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Self-TransformationsFoucault, Ethics, and Normalized Bodies$
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Cressida J. Heyes

Print publication date: 2007

Print ISBN-13: 9780195310535

Published to Oxford Scholarship Online: September 2007

DOI: 10.1093/acprof:oso/9780195310535.001.0001

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PRINTED FROM OXFORD SCHOLARSHIP ONLINE (oxford.universitypressscholarship.com). (c) Copyright Oxford University Press, 2021. All Rights Reserved. An individual user may print out a PDF of a single chapter of a monograph in OSO for personal use. date: 02 December 2021

Aesthetic Surgery, Aesthetic Ethics

Aesthetic Surgery, Aesthetic Ethics

(p.89) 4 Aesthetic Surgery, Aesthetic Ethics

Cressida J. Heyes (Contributor Webpage)

Oxford University Press

This chapter shows how cosmetic surgery has evolved to becoming regarded as part of the “normal” process in the quest for identity transformation, arguing that an inner self is externalized so that the aesthetic body can better represent the person within. It also believes that feminist ethical engagement will need to respond to this talk of self-transformation in kind, providing a way of responding to the suffering cosmetic surgery claims to alleviate, and recognizing the necessity and potential of working on the self as a feminist strategy. Feminists need a richer ethical grammar and vocabulary for talking about our own desires and suffering in this context. This demand for a feminist ethical language arises in part from nearly a century of cultural manufacture of a psychology for potential cosmetic surgery recipients. Cosmetic surgery bears a peculiar burden of justification unlike other medical subspecialties. In some cases the rubric of “reconstructive” procedures can be employed — repairing a cleft palate, rebuilding a face after tumor removal, or grafting skin to burns are all seen as legitimate medical measures that have necessary functional and social effects.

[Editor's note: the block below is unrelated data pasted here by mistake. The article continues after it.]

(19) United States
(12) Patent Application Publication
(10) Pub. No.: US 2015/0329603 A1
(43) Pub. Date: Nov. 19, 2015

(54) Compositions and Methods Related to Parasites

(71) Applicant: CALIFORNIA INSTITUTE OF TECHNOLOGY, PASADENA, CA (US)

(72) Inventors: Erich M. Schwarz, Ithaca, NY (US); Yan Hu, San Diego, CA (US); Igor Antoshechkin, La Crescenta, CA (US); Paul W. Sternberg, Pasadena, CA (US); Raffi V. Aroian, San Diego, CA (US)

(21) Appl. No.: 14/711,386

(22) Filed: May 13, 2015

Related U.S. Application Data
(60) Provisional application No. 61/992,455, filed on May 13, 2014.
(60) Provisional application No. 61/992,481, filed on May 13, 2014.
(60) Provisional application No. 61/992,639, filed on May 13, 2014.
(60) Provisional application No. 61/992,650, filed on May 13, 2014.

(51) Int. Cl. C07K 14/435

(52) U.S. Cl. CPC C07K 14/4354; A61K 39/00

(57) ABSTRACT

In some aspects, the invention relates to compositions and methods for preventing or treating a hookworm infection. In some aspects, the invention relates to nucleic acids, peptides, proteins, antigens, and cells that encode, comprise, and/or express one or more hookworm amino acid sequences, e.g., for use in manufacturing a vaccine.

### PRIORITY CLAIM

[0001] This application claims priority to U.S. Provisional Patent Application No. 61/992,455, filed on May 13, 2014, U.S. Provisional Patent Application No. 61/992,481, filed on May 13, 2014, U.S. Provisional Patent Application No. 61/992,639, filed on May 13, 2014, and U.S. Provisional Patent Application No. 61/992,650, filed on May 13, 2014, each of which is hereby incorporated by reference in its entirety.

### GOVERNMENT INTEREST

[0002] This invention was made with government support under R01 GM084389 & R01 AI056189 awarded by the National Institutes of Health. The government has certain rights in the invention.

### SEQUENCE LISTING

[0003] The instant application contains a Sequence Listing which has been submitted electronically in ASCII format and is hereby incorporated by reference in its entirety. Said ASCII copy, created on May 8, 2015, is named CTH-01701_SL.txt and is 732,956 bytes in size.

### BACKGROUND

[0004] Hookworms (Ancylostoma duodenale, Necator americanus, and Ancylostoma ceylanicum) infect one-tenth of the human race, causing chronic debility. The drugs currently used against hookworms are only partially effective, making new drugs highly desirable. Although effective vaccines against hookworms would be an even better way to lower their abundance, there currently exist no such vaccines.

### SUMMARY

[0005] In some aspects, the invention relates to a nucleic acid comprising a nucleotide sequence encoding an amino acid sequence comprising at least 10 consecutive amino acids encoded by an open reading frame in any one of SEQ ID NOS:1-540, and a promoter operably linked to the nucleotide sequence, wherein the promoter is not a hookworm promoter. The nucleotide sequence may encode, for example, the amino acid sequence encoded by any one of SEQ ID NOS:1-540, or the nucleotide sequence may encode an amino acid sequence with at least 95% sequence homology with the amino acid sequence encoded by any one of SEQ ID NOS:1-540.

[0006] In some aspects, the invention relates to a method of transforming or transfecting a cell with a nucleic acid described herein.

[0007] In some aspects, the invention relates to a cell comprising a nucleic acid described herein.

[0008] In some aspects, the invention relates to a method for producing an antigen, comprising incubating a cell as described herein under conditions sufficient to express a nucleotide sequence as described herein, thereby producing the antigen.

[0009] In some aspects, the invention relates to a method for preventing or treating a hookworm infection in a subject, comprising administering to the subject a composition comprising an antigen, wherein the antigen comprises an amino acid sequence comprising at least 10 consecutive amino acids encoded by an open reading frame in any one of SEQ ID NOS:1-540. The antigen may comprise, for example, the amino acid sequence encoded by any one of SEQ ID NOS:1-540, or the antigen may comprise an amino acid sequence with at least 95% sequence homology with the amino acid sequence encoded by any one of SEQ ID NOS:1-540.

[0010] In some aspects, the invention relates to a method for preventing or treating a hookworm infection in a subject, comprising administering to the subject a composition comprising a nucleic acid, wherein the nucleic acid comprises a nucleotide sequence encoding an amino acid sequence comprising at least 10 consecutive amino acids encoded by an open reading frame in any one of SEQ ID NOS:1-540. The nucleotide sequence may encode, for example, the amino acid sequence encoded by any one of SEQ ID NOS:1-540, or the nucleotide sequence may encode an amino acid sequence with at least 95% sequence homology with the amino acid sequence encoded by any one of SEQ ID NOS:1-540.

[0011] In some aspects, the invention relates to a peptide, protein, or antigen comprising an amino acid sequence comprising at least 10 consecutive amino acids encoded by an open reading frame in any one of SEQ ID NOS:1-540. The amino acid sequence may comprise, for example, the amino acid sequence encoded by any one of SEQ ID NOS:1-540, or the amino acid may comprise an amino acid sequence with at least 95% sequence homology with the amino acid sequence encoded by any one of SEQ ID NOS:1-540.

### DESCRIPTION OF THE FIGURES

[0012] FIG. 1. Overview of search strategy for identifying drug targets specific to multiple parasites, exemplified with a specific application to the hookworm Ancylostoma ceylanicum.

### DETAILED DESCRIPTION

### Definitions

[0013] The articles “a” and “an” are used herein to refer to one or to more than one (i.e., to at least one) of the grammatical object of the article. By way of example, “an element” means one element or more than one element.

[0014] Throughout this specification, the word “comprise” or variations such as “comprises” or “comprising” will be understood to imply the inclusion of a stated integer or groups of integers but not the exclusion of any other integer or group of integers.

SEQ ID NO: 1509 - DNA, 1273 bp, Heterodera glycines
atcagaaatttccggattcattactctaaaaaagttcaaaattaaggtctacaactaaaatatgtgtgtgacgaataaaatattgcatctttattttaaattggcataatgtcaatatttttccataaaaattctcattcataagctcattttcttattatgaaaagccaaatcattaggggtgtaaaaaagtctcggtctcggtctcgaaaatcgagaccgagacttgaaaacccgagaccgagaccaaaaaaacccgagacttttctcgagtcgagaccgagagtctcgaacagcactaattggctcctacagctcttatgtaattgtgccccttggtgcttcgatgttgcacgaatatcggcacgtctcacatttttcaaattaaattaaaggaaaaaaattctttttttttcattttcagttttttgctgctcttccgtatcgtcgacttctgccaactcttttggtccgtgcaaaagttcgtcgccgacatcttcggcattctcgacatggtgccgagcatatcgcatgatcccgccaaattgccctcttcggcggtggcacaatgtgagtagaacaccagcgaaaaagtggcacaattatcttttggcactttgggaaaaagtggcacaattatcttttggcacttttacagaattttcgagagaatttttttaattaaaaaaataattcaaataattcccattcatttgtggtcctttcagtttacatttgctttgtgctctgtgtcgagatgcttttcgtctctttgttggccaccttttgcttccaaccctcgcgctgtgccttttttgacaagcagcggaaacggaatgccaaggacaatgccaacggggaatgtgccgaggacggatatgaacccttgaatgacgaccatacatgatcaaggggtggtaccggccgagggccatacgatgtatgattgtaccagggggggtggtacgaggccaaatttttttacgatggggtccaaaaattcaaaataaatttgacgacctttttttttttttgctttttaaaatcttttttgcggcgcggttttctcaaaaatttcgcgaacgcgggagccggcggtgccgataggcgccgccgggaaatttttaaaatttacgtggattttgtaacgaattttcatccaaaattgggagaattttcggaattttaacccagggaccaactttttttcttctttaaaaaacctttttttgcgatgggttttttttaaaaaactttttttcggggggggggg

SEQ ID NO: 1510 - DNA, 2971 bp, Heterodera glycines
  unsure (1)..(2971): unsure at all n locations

Keywords:   feminism, normalization, aesthetics, cosmetic surgery, ethics, self-transformation

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